Trail to the Park’s lookout
To hike to the Chapada Diamantina National Park’s lookout and enjoy the vast vision of the Esbarrancado peak (1700m altitude) is the newest adventure that Bistrô da Onça offers for those looking for the emotion, the energy and the vastness of the Chapada.
The panoramic view is complete: to the north the Morro do Pai Inácio and the Morro do Camelo, to the south all the Patí valley. And if on the east side one can see beyond the Morro Branco do Capão, all it takes is a half turn to the west to enjoy how the Serra do Barbado becomes darker turning into a contour line against the intense sunset light.
Intermediate level trail. Duration: 5/6 hours
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The Chapada Diamantina is an extensive region of mountains, valleys and plateaus crossing the state of Bahia from north to south, including the National Park of the same name. The Chapada embraces different biomes such as the Caatinga, Cerrado and the Atlantic Rain Forest. From this combination, exotic microclimates have emerged, including mountains, valleys, natural pools, waterfalls, caverns with limestone formations, some with paintings, and even a marshland, the Marimbus. The ecological importance of the Chapada Diamantina led to the creation of the National Park in the 1980’s transforming the region into a mandatory destination for eco/adventure tourism, climbers, bikers and bird watchers.
The area’s history is closely tied to the economic cycle of diamond prospecting. With the discovery of the first mines at the end of the 18th century, the region went through a drastic transformation and attracted large numbers of workers in search of riches. The magnificent local architecture in the Chapada’s towns is a reflection of the economic splendor produced by the diamond trade. And example is the town of Lençóis, which has been declared a national cultural heritage by the Instituto do Patrimonio Histórico e Artístico (IPHAN).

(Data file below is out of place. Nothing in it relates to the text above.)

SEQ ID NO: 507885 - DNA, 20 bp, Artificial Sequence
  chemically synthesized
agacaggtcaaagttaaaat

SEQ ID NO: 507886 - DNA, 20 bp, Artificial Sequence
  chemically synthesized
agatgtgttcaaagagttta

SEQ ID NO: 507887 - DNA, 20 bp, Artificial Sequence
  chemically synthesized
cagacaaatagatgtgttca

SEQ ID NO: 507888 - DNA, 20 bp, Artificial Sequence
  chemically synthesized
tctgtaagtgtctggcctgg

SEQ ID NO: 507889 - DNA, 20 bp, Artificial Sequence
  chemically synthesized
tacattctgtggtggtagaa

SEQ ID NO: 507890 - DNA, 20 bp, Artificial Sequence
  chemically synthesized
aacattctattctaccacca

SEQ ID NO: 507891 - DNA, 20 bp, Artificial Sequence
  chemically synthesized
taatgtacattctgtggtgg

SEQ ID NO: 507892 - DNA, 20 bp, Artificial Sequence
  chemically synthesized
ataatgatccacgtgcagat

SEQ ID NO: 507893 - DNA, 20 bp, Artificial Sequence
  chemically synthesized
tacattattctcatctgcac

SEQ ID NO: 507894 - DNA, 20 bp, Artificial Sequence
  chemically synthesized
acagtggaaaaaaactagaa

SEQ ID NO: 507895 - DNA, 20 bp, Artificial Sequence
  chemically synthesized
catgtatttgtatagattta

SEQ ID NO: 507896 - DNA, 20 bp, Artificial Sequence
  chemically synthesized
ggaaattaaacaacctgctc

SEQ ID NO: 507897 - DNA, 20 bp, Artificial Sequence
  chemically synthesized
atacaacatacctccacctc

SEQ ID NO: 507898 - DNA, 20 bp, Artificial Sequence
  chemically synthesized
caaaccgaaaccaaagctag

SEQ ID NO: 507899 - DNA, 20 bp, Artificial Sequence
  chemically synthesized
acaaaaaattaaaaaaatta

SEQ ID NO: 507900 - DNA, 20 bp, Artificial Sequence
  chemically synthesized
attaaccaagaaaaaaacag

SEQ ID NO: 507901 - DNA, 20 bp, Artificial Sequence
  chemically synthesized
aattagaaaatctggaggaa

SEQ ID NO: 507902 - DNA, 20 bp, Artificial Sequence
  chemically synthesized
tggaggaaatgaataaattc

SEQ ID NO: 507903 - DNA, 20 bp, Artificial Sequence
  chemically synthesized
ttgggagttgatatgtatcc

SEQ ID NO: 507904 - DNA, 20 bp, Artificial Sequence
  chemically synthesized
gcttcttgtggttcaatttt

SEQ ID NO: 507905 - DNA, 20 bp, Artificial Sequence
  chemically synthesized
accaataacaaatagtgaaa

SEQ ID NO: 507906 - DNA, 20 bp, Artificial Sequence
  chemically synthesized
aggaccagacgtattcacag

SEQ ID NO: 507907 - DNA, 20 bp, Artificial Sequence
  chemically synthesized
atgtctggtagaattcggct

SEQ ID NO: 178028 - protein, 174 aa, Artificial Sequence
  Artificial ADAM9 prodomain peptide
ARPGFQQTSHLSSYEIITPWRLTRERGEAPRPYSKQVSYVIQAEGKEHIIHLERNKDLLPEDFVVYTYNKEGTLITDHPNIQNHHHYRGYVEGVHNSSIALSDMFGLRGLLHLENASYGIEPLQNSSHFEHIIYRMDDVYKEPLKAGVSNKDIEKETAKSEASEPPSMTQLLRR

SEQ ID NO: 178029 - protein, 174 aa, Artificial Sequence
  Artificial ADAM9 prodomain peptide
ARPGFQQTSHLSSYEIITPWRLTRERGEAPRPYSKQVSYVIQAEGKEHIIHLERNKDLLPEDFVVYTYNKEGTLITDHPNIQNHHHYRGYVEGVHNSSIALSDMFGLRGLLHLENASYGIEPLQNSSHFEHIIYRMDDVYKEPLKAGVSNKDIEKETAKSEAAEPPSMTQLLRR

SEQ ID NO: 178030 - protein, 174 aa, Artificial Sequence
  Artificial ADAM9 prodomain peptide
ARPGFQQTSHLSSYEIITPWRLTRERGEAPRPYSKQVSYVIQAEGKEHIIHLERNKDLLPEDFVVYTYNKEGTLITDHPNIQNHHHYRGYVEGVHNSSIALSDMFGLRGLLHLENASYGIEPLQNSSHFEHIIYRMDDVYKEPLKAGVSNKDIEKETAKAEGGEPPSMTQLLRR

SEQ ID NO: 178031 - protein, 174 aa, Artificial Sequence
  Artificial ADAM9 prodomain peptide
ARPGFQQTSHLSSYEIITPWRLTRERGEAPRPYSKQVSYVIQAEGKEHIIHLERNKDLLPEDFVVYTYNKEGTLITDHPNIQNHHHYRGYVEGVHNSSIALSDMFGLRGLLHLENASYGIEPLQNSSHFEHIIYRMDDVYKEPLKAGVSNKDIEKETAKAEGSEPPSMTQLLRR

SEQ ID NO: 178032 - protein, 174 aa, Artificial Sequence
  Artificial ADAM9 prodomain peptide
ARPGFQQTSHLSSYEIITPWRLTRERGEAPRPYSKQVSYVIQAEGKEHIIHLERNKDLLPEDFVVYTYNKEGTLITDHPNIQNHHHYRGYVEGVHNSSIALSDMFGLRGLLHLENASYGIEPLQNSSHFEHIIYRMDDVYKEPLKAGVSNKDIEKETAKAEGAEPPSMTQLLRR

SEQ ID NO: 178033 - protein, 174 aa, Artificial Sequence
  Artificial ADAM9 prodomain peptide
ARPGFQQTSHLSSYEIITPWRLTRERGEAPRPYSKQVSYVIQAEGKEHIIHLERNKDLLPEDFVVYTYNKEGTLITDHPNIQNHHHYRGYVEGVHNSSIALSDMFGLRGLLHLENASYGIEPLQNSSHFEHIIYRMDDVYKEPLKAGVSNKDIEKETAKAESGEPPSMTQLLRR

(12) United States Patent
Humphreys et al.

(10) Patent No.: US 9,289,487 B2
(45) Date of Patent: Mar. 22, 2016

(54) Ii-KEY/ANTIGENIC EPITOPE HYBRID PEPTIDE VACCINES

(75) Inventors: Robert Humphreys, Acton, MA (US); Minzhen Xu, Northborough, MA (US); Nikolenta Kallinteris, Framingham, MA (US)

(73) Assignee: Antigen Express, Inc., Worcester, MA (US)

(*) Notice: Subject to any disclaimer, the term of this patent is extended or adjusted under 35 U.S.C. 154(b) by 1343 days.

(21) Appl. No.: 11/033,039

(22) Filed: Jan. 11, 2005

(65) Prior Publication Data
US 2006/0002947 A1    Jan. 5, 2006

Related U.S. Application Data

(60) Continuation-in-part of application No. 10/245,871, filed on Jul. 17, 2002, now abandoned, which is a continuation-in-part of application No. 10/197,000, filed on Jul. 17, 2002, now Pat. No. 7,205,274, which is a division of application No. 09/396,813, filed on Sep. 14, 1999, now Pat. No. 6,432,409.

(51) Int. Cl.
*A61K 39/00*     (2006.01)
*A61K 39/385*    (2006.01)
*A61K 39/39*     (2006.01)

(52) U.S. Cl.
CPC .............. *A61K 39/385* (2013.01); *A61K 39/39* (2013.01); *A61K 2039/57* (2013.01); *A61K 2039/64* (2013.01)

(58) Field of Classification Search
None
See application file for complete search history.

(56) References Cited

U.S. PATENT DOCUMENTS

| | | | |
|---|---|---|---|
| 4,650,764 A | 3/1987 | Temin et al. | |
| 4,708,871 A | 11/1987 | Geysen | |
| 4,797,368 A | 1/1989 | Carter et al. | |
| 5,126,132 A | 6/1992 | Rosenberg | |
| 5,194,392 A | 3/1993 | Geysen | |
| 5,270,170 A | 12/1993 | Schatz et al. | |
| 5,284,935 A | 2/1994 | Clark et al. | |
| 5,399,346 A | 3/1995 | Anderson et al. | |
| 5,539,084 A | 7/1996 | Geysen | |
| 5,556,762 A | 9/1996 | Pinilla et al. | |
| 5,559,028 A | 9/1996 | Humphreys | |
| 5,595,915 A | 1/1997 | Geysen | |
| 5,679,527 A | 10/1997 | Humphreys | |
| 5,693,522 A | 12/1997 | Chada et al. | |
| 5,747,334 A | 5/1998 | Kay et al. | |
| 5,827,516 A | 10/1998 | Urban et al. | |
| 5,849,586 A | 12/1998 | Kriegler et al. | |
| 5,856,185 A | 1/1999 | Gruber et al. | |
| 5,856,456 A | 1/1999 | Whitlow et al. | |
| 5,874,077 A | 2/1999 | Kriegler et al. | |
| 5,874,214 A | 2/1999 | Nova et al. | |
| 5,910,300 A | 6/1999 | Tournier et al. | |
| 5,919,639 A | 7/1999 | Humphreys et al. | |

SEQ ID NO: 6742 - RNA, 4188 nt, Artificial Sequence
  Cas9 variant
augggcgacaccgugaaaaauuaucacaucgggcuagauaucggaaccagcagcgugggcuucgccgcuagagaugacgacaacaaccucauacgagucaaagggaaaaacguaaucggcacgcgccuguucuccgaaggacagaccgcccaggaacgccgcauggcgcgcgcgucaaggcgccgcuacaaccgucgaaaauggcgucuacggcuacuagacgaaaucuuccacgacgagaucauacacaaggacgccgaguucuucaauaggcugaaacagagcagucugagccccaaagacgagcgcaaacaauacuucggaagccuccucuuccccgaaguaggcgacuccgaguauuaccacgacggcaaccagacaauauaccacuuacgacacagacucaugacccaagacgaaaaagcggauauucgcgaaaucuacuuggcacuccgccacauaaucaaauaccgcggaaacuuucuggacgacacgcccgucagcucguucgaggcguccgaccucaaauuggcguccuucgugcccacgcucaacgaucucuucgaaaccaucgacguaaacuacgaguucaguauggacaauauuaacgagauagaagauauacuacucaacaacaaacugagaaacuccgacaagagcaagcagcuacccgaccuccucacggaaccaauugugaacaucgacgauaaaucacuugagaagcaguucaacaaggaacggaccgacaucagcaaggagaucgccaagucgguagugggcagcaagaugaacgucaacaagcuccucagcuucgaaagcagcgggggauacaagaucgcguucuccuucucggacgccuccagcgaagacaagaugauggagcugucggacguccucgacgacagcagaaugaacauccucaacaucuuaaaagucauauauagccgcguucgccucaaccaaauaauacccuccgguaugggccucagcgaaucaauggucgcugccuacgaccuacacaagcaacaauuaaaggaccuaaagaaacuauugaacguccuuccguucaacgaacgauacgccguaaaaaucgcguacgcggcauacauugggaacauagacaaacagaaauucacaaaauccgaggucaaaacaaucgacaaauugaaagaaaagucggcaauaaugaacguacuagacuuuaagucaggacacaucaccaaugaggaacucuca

The Chapada Diamantina has also been strongly influenced by Afro Brazilian culture, at once enriching it’s cultural legacy but also a sad reminder of the diamond-era slave trade. 53 quilombolas (runaway slave communities) are certified by the Fundação Cultural de Palmares. Afro-Brazilian culture is strongly present in the local culinary traditions, for example in dishes such as the Banana Godó (made with ground meat and green plantain). Also in religious traditions like the Jarês, in musical forms and in Capoeira, Brazil’s unique musical martial art.
Encompassing an area of thousands of square kilometres, the many attractions of the Chapada Diamantina are spread throughout the counties of Lençóis, Palmeiras, Mucugê, Andaraí, Iraquara and Ibicoara.